On Ascension Day 1528 he committed an outrage on the sacrament carried in procession; he was placed in the pillory, had his tongue bored, and was banished from Delft for three years.
In the same year the two groups, Andaman and Nicobar, the occupation of the latter also having been forced on the British government (in 1869) by the continuance of outrage upon vessels, were united under a chief commissioner residing at Port Blair.
Isolated mutinies in the army followed, and terrorist outrages here and there - notably, in August, the dastardly bomb outrage in the Isle of Apothecaries at St Petersburg, which seriously injured one of M.
Onias was accused by his enemies of having given the information which led to this outrage and when, relying upon the support of the provincial governor, they proceeded to attempt assassination, he fled to Antioch and appealed to the king.
This outrage, coupled with his appropriation of temple vessels, which he used as bribes, raised against Menelaus the senate and the people of Jerusalem.
Despite the evidence which Fouche and others brought forward to incriminate the royalists, the First Consul persisted in attributing the outrage to the Jacobins, had a list of suspects drawn up, and caused the Council of State to declare that a special precautionary measure was necessary.
Audubon has been greatly extolled as an ornithological artist; but he was far too much addicted to representing his subjects in violent action and in postures that outrage nature, while his drawing is very frequently defective.4 In 1866 D.
The execution of the patriarch Gregorios, as technically responsible for the revolt, was an outrage to all Christendom; and it led at once to a breach of diplomatic relations with Russia.
The effect on the passionate sultan of this " unparalleled outrage on a friendly power in time of peace " is easy to imagine.
The people, headed by John Lizka (1376-1424), threw the burgomaster and several town-councillors, who were the instigators of this outrage, from the windows and they were immediately killed by the crowd.
It may serve as a pretext for a serious quarrel whether the alleged " outrage " be great or small.
In 1864 the ambitious dictator of Paraguay, Francisco Solano Lopez, without previous declaration of war, captured a Brazilian vessel in the Paraguay, and rapidly followed up this outrage by an armed invasion of the provinces of Matto Grosso and Rio Grande in Brazil, and that of Corrientes in the Argentine Republic. A triple alliance of the invaded states with Uruguay ensued, and the tide of war was soon turned from being an offensive one on the part of Paraguay to a defensive struggle within that republic against the superior number of the allies.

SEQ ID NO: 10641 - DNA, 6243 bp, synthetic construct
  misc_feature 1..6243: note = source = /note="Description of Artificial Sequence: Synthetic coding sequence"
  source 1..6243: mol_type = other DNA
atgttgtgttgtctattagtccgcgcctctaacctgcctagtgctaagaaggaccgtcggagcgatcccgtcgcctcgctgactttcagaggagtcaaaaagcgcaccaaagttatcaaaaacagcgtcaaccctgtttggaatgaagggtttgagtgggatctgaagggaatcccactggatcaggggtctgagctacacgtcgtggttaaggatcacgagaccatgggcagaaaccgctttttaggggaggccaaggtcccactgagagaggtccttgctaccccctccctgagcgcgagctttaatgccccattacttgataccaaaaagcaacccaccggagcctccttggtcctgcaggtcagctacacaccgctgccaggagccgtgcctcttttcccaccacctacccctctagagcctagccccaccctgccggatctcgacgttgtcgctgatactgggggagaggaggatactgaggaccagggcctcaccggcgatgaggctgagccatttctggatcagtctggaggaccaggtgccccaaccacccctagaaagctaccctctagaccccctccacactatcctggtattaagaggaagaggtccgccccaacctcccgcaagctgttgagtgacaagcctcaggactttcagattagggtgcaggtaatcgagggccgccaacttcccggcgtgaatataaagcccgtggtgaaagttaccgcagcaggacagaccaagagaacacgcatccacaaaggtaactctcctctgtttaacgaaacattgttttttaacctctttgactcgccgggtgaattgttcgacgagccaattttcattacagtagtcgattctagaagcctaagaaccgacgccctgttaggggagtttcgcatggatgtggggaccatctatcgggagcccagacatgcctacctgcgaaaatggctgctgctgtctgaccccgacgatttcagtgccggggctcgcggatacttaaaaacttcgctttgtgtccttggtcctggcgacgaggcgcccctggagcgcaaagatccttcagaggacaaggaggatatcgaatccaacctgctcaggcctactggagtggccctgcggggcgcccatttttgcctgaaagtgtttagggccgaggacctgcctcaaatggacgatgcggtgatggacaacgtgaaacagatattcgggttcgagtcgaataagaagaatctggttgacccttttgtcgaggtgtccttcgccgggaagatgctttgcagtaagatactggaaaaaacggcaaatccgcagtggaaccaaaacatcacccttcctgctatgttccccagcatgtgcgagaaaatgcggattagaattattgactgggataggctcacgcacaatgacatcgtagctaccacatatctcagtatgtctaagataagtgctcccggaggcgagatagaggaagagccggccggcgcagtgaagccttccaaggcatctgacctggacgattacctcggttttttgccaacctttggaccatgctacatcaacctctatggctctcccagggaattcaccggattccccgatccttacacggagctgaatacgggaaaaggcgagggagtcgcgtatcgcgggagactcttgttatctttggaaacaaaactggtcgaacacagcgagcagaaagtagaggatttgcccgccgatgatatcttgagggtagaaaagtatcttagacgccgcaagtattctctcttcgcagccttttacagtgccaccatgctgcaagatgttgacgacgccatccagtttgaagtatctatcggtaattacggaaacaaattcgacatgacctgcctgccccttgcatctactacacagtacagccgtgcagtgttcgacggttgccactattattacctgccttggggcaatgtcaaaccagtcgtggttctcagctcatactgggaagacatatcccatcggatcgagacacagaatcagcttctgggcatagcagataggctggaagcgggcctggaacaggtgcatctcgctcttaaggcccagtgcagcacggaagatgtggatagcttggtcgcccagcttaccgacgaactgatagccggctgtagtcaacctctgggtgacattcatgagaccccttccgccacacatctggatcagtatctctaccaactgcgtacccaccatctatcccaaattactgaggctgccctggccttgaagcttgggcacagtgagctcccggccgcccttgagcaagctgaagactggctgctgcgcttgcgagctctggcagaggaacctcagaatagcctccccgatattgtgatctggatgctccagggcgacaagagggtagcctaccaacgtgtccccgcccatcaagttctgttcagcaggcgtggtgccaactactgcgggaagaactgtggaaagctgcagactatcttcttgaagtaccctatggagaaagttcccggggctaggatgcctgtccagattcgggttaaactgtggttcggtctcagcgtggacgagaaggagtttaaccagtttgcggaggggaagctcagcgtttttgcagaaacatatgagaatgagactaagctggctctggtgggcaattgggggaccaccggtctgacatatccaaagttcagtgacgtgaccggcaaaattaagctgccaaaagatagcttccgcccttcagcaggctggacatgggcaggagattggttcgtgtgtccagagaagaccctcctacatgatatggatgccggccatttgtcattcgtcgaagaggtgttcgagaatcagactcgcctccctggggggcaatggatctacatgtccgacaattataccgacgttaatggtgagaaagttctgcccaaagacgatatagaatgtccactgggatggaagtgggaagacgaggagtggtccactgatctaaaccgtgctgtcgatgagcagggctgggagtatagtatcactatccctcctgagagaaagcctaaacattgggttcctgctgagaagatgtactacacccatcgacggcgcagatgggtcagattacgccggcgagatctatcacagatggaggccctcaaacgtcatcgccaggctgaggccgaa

This outrage, which was traced to the Communists, provided fresh proof that the Democratic leader Draskovic, as Minister of the Interior, was justified in his charges of widespread terrorist conspiracy and even in the much debated Decrees (Obznane) by which he sought to combat them.
Nobody would take his part, and at last, nearly three months after the outrage, he challenged Rohan, who accepted the challenge, but on the morning appointed for the duel Voltaire was arrested and sent for the second time to the Bastille.
The outrage was discovered and remedied before the service began; and, although the Arrabbiati half filled the church and even sought to attempt his life, Savonarola kept his composure and delivered an impressive sermon.
A bill to provide compensation for tenants who had been evicted by Irish landlords passed the Commons, but was shipwrecked in the Lords, and a ghastly record of outrage and murder stained the following winter.
To them persecution was an outrage upon Jesus's teachings.
This is significant enough; Prof. Sayce, the most brilliant and distinguished of the " anti-critics," does not really reoccupy the position of the " able and pious men " of the mid-19th century, to whom " even to speak of any portion of the Bible as a history " was " an outrage upon religion " (Stanley, Jewish Church, Preface); these may still have pious, but they have no longer scholarly successors.
Of the moderation of the latter, and their abstinence from all outrage or plunder, he speaks highly.
Hamel, Histoire de Saint-Just (1859), which brought a fine to the publishers for outrage on public decency; F.
There were some members of the party who wished to turn to outrage and assassination.
Articles 11-14 forbid books which outrage God and sacred things, books which propagate magic and superstition, and books which are pernicious to society.
His reign was characterized by bloodshed and violence; the outrage of his son Sextus upon Lucretia precipitated a revolt, which led to the expulsion of the entire family.
The executions and floggings were carried out the next day at the scene of the outrage and in the presence of some five hundred natives.
The United States government characterized the affair as an outrage, demanding an indemnity as satisfaction.
Only when alone together were they free from such outrage and pain.